HMS Assurance (1646)

From Wikipedia, the free encyclopedia
Jump to: navigation, search
Royal Navy EnsignEngland
Name: HMS Assurance
Builder: Peter Pett I, Deptford
Launched: 1646
Fate: Sold, 1698
General characteristics [1]
Class and type: 32-gun fourth rate frigate
Tons burthen: 340 bm
Length: 89 ft (27 m) (keel)
Beam: 26 ft 10 in (8.18 m)
Depth of hold: 11 ft (3.4 m)
Propulsion: Sails
Sail plan: Full rigged ship
Armament: 32 guns (at launch); 40 guns (1677)

HMS Assurance was a 32-gun fourth rate frigate of the English Royal Navy, built by Peter Pett I at Deptford Dockyard and launched in 1646.[1] The term 'frigate' during the period of this ship referred to a method of construction, rather than a role which did not develop until the following century.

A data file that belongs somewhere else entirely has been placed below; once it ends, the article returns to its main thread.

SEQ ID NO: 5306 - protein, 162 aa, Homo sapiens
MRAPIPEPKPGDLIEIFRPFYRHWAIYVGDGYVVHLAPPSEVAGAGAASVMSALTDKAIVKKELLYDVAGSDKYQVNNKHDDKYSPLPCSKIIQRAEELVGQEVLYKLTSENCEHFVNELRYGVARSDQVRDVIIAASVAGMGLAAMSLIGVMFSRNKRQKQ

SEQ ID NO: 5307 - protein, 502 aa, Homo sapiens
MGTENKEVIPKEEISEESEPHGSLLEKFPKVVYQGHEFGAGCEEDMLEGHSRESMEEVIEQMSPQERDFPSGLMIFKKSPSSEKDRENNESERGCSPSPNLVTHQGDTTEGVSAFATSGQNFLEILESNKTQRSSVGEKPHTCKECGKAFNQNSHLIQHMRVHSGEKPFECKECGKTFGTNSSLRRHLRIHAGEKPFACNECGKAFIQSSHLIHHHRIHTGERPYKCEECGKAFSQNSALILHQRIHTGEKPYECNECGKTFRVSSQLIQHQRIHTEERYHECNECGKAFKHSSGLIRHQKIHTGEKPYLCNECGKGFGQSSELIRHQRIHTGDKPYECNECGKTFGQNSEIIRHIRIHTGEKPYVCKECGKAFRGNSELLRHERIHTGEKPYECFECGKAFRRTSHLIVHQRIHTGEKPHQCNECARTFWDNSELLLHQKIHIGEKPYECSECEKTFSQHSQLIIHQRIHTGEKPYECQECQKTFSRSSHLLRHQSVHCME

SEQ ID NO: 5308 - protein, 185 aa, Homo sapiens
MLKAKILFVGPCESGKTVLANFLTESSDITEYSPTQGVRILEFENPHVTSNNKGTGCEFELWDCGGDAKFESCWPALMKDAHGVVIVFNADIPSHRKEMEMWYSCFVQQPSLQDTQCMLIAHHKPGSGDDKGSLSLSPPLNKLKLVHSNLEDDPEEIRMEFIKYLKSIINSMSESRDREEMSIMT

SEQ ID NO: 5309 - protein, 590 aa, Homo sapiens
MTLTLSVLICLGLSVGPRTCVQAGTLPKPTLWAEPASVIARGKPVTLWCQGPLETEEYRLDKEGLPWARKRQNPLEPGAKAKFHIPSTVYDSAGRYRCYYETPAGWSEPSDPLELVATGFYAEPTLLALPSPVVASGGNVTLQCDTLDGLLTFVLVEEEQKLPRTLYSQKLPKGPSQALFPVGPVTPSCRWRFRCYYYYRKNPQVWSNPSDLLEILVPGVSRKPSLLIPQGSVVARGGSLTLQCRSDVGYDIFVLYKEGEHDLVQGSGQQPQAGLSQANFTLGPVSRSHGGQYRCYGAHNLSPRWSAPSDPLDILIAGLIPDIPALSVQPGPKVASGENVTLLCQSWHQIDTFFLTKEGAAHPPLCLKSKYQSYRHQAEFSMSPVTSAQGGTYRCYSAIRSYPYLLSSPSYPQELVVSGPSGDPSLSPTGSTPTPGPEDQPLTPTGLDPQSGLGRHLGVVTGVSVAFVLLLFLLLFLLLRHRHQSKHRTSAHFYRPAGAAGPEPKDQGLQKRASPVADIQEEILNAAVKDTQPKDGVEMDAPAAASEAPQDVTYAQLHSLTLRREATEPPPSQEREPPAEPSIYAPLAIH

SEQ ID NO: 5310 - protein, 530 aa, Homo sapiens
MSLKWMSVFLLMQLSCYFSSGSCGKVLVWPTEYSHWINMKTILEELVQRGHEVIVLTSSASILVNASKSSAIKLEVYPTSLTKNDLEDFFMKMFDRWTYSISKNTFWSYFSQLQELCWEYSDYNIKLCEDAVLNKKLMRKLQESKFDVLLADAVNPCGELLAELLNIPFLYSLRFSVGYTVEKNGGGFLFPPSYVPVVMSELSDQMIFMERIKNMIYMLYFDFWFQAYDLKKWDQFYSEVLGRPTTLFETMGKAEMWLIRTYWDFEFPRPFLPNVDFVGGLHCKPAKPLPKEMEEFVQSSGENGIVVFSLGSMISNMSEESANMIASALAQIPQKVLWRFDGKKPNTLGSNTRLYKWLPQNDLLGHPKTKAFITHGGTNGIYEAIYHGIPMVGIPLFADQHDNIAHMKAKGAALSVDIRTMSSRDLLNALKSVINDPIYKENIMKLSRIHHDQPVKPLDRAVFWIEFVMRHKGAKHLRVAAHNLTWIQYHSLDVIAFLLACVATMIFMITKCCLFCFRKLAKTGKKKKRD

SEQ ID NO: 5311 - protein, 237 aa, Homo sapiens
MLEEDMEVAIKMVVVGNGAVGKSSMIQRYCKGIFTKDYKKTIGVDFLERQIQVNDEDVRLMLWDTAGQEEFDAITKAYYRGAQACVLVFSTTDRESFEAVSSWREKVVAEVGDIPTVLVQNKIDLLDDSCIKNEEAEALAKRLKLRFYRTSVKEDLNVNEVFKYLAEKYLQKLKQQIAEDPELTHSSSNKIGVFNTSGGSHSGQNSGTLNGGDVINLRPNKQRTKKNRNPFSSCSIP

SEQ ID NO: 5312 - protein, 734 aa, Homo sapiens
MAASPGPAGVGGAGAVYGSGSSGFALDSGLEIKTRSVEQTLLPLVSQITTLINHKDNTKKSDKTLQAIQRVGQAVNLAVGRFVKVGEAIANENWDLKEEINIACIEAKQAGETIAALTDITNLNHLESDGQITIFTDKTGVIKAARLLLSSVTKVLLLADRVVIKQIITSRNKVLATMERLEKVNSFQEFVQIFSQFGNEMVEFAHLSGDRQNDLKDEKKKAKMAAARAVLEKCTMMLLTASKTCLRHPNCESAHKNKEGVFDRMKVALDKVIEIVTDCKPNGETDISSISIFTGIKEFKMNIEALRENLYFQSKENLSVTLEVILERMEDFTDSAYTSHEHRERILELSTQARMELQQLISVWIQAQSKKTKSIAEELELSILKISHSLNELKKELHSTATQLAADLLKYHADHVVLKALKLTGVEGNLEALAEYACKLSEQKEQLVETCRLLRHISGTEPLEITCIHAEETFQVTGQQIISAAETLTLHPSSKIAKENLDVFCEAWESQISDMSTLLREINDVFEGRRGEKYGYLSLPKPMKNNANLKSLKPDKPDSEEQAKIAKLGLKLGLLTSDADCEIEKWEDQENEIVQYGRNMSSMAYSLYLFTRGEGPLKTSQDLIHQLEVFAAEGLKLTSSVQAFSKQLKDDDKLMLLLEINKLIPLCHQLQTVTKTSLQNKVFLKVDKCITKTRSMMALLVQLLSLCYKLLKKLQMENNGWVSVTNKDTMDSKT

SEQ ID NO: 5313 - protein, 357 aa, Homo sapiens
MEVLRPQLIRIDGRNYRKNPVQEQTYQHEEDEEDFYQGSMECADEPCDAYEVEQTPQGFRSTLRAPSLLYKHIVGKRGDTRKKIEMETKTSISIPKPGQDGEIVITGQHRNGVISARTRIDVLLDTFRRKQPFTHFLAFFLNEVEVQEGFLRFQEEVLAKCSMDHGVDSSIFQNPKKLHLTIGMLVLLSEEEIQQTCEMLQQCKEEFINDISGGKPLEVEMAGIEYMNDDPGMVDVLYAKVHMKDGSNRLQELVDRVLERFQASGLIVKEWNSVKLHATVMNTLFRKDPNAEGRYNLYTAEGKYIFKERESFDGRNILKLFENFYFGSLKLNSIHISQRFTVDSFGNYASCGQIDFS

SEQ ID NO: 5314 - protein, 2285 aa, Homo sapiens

Samuel Pepys states in his diary that Assurance sank near Woolwich during a storm in December 1660, with the loss of twenty men.[2] He visited the site a few days later.[3] The ship was subsequently refloated by 17 December.[4]

In August 1666, Assurance participated in the raid on a large Dutch merchant fleet in the Vlie estuary that became known as Holmes's Bonfire. By 1667, Assurance's armament had been increased to 40 guns.[1]

Assurance was sold out of the navy in 1698.[1]



  • Lavery, Brian (2003) The Ship of the Line - Volume 1: The development of the battlefleet 1650-1850. Conway Maritime Press. ISBN 0-85177-252-8.